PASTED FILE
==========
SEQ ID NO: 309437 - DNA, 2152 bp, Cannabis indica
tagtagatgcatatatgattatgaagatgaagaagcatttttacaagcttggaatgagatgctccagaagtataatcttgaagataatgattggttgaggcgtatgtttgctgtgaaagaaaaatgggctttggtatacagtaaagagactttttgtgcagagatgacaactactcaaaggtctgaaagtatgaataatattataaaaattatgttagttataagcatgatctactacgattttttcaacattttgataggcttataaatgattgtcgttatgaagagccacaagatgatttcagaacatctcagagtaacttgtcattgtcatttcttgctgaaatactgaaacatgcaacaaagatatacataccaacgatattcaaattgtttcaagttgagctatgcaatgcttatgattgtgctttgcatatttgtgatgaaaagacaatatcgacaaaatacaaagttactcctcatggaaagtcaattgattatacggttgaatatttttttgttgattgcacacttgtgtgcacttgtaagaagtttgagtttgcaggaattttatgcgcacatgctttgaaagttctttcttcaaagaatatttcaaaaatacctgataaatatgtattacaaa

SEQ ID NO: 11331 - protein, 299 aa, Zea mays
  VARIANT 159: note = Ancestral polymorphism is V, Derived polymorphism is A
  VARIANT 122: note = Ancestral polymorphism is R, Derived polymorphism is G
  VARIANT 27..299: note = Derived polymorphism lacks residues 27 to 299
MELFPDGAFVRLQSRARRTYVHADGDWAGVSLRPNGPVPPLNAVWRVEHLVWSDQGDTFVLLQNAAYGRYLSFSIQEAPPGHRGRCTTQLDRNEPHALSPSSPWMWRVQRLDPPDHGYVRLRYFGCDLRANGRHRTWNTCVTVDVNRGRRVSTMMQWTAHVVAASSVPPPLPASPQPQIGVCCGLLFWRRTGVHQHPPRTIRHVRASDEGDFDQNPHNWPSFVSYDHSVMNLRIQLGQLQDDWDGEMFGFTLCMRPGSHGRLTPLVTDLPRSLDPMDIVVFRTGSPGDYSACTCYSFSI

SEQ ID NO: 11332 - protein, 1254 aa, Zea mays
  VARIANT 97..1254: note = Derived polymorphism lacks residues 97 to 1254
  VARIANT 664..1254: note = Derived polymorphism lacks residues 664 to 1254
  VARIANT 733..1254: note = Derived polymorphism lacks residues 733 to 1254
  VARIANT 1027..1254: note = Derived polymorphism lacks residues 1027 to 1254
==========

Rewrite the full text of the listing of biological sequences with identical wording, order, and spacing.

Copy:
SEQ ID NO: 309437 - DNA, 2152 bp, Cannabis indica
tagtagatgcatatatgattatgaagatgaagaagcatttttacaagcttggaatgagatgctccagaagtataatcttgaagataatgattggttgaggcgtatgtttgctgtgaaagaaaaatgggctttggtatacagtaaagagactttttgtgcagagatgacaactactcaaaggtctgaaagtatgaataatattataaaaattatgttagttataagcatgatctactacgattttttcaacattttgataggcttataaatgattgtcgttatgaagagccacaagatgatttcagaacatctcagagtaacttgtcattgtcatttcttgctgaaatactgaaacatgcaacaaagatatacataccaacgatattcaaattgtttcaagttgagctatgcaatgcttatgattgtgctttgcatatttgtgatgaaaagacaatatcgacaaaatacaaagttactcctcatggaaagtcaattgattatacggttgaatatttttttgttgattgcacacttgtgtgcacttgtaagaagtttgagtttgcaggaattttatgcgcacatgctttgaaagttctttcttcaaagaatatttcaaaaatacctgataaatatgtattacaaa

SEQ ID NO: 11331 - protein, 299 aa, Zea mays
  VARIANT 159: note = Ancestral polymorphism is V, Derived polymorphism is A
  VARIANT 122: note = Ancestral polymorphism is R, Derived polymorphism is G
  VARIANT 27..299: note = Derived polymorphism lacks residues 27 to 299
MELFPDGAFVRLQSRARRTYVHADGDWAGVSLRPNGPVPPLNAVWRVEHLVWSDQGDTFVLLQNAAYGRYLSFSIQEAPPGHRGRCTTQLDRNEPHALSPSSPWMWRVQRLDPPDHGYVRLRYFGCDLRANGRHRTWNTCVTVDVNRGRRVSTMMQWTAHVVAASSVPPPLPASPQPQIGVCCGLLFWRRTGVHQHPPRTIRHVRASDEGDFDQNPHNWPSFVSYDHSVMNLRIQLGQLQDDWDGEMFGFTLCMRPGSHGRLTPLVTDLPRSLDPMDIVVFRTGSPGDYSACTCYSFSI

SEQ ID NO: 11332 - protein, 1254 aa, Zea mays
  VARIANT 97..1254: note = Derived polymorphism lacks residues 97 to 1254
  VARIANT 664..1254: note = Derived polymorphism lacks residues 664 to 1254
  VARIANT 733..1254: note = Derived polymorphism lacks residues 733 to 1254
  VARIANT 1027..1254: note = Derived polymorphism lacks residues 1027 to 1254